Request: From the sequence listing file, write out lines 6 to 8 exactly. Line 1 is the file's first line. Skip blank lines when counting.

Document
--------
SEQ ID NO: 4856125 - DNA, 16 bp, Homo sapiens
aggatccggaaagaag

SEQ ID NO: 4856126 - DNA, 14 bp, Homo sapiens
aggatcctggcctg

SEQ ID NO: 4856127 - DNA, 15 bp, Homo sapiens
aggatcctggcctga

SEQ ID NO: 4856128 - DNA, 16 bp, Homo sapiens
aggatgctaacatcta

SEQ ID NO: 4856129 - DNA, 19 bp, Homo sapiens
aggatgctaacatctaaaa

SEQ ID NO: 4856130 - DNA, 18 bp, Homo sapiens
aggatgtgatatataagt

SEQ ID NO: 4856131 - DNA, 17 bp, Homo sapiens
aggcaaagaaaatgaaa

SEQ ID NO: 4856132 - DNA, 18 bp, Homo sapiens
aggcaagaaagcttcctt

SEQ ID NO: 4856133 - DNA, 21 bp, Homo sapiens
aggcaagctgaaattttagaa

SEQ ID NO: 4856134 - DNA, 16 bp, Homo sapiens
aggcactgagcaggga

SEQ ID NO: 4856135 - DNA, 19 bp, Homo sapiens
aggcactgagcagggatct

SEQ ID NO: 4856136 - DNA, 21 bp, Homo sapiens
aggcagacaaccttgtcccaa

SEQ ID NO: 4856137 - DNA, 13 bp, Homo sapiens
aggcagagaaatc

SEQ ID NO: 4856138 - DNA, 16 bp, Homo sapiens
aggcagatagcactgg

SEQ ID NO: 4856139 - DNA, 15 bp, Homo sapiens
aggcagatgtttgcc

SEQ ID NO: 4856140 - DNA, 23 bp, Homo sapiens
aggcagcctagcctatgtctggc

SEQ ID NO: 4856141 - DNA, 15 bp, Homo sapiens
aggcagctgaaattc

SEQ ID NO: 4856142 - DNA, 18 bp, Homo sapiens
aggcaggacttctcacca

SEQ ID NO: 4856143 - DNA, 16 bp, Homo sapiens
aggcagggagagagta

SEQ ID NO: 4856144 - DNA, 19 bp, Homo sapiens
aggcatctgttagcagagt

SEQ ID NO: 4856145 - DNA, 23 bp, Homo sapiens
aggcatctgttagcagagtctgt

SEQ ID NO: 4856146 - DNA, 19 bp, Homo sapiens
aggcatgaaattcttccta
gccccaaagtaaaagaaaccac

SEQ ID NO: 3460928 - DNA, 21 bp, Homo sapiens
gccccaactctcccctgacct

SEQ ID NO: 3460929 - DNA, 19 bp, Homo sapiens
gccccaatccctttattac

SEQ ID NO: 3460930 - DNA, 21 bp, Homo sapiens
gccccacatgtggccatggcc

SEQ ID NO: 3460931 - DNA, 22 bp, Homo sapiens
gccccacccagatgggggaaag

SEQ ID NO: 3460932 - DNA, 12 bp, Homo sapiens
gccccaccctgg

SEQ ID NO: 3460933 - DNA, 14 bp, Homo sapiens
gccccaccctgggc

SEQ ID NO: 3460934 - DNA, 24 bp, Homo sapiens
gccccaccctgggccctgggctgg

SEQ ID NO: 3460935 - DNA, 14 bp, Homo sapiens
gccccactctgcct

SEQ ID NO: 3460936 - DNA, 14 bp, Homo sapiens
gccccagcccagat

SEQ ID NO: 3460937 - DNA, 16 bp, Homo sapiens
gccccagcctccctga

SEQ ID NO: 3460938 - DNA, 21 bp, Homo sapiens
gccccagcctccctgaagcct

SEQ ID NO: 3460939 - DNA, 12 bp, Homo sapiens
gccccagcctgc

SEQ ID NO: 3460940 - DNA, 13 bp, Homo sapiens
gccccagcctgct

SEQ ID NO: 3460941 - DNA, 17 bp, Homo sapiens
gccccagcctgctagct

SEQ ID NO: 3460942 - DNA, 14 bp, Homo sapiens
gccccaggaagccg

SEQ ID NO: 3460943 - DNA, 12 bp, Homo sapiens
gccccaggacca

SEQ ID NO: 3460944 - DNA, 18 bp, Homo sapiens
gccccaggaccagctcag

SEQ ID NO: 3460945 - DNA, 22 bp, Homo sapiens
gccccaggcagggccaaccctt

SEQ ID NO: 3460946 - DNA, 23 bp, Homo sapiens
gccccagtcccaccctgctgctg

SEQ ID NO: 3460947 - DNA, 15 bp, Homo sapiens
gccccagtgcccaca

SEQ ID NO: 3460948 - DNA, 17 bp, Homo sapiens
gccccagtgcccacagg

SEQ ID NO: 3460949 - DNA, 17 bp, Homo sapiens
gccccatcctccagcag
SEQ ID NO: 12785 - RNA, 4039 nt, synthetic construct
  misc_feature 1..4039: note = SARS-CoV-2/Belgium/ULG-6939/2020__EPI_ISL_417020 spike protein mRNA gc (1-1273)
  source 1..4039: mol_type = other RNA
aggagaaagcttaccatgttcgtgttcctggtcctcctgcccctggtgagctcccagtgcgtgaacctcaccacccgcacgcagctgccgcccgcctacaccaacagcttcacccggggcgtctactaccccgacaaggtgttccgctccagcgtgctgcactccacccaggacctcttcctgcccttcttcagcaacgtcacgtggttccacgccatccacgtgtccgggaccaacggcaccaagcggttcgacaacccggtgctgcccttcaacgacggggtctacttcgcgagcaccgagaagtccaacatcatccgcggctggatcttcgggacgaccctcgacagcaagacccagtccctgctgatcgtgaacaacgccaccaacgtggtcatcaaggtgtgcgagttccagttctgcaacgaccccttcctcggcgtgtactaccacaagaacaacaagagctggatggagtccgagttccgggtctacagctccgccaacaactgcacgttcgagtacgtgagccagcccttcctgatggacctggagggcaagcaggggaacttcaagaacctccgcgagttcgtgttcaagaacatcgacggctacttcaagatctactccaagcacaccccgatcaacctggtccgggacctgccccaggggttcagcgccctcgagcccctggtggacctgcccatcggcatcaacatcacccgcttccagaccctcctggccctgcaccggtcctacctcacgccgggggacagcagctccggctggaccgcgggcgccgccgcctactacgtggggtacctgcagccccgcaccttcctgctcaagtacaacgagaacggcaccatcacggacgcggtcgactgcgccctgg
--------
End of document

aggatcctggcctga

SEQ ID NO: 4856128 - DNA, 16 bp, Homo sapiens
aggatgctaacatcta